Yesterday, Twitter announced that it is considering killing its “like” feature in order to improve the quality of debate and user engagement across the platform. During a presentation at the WIRED25 summit, Twitter CEO Jack Dorsey expressed a want to “incentivize healthy conversation” and felt that the “big like button with a heart on it” was impeding thoughtful public discussion. Dorsey stated that the company is still in the early stages of rethinking its service, but stressed a growing effort to create a healthier climate of interaction.
Here’s what members of the Denterlein digital team had to say about the possible change:
Paul Doyle, Vice President
“This latest move by Twitter is interesting, especially given the recent climate surrounding social media—Twitter and Facebook in particular. I've long felt that 'likes' in general have become somewhat meaningless, unconscious, and unhealthy actions by social media users across all the major platforms. Outside of the looming privacy and security issues, I believe this could be a step in the right direction for a few reasons ... 1) it may help reduce society's dependence on and flat out addition to social media 'acceptance'; 2) it could help spark healthier online/social debate as people are now forced to choose between thoughtful commentary or not commenting at all; and 3) it will push PR/comms to focus on measuring and digging into more meaningful social interactions between users and brands/organizations.”
Jayda Leder-Luis, Account Director
“What I find more interesting is Twitter’s thinking around introducing an editing function to tweets. This has been the bane of content creators’ existence for years! The inability to edit tweets has resulted in live-tweeting mishaps, poorly messaged posts, and in some case—mass confusion (remember ‘covfefe’?). Will Twitter remove an innocuous feature that all other social networks have without enabling this one?”
Merina Zeller, Account Executive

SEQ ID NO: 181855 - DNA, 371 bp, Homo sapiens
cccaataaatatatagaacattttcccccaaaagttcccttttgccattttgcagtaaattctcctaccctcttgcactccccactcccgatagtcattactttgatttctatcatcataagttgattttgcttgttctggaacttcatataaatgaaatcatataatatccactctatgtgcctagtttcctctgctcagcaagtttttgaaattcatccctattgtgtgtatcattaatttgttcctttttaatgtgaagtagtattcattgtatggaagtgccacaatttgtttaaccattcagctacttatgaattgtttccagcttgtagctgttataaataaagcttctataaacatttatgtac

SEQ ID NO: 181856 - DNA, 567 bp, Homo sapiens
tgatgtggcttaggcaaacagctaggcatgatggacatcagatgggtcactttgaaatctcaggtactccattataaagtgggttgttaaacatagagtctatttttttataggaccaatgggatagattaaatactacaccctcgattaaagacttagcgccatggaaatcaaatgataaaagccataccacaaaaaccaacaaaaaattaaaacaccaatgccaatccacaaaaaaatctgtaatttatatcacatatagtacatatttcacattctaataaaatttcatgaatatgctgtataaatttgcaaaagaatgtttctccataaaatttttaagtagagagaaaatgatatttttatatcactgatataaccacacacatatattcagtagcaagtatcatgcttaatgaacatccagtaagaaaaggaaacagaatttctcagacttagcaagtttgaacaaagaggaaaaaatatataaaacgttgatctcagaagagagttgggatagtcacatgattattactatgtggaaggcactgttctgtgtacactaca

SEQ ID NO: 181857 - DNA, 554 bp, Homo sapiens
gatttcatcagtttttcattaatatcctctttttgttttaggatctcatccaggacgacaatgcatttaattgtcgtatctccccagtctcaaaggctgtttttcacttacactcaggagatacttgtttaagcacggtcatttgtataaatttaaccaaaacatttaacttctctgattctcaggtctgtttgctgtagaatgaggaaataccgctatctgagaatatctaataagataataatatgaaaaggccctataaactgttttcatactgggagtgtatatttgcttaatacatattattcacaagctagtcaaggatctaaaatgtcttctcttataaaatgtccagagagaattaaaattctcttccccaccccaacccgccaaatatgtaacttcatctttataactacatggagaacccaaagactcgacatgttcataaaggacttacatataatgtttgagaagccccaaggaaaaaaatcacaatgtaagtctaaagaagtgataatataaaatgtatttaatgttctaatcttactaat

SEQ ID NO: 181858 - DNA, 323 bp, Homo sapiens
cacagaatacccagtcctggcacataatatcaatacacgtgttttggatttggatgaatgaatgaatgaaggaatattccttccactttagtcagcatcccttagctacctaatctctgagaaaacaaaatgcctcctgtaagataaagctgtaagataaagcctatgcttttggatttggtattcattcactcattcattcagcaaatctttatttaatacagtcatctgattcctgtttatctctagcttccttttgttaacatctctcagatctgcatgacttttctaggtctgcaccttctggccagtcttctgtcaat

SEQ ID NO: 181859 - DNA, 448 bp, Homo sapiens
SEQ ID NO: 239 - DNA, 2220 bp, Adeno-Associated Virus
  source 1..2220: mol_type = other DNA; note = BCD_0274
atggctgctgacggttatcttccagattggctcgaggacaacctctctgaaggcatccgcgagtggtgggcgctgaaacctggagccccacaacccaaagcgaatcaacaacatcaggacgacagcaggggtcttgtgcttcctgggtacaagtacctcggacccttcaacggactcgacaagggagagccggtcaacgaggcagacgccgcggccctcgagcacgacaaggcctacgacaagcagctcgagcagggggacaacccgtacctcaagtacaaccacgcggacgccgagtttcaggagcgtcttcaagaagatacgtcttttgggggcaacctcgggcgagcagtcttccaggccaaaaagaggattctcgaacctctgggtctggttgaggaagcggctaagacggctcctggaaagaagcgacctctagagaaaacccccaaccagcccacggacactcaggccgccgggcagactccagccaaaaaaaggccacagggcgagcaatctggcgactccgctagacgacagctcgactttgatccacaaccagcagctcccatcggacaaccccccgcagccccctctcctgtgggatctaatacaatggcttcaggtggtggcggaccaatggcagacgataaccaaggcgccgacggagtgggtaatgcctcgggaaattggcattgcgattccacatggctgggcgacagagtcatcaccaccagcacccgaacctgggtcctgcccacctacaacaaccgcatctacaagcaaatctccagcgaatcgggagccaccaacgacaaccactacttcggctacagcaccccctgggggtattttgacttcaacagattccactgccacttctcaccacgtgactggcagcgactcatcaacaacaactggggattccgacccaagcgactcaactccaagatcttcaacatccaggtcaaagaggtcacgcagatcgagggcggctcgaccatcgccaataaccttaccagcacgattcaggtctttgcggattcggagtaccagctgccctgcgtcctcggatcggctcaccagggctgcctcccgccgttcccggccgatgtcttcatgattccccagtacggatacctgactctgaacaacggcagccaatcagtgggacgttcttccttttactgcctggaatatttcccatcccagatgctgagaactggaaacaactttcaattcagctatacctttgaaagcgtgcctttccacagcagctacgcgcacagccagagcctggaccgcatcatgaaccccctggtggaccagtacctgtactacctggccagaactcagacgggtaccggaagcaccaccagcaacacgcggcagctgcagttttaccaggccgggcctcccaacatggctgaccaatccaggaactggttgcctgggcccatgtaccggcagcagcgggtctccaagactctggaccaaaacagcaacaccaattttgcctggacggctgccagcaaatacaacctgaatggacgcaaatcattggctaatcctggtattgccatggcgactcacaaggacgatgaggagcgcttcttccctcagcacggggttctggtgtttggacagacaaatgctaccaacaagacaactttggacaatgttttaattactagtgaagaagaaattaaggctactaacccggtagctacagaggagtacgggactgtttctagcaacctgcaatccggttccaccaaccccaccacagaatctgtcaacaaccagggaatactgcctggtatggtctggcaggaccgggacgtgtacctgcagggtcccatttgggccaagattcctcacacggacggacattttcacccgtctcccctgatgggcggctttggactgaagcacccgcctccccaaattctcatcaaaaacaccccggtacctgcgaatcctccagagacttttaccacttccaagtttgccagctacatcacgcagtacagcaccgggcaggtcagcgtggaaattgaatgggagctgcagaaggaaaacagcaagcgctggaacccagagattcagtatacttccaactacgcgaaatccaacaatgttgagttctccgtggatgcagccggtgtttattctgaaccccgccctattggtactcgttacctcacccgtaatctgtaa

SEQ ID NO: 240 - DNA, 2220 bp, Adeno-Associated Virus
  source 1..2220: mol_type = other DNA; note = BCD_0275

“How does removing the like button incentivize healthy conversation when Twitter users can still comment 'unhealthy' and harmful remarks? Having a like button is an important feature for a number of reasons, including the ability to acknowledge and/or appreciate a reply/post without engaging in conversation, bookmarking and tagging allows for later comment, and reaching out to new possible acquaintances. In order to incentivize healthy conversations, perhaps Twitter should ban abusive accounts and police the ongoing harassment. Although to some users feel the Like button may have some negative implications (i.e. shattering a person’s ego) it has become 'an extension of one's digital personal.' Without it, what is the point?”
Alex Boonstra, Account Coordinator
“By removing the heart-shaped icon, users will be forced to better express themselves through the platform’s other forms of dialogue: a retweet or a reply. A retweet still allows people to share content to their profile while having the option to add their own opinion; and a reply will allow them to comment on the content without sharing it to their profile or implying any sort of endorsement. While it may not be as convenient as a one-touch-approval button that tells the poster, 'I like this content,' it will create a way for users to more clearly express what they feel, agree with, disapprove of, and/or want to share with others.”
We’d love to hear what you think about Twitter’s efforts to improve its platform. Feel free to share your thoughts with us on social media!
Learn more about Denterlein’s social and digital services: denterlein.com/digital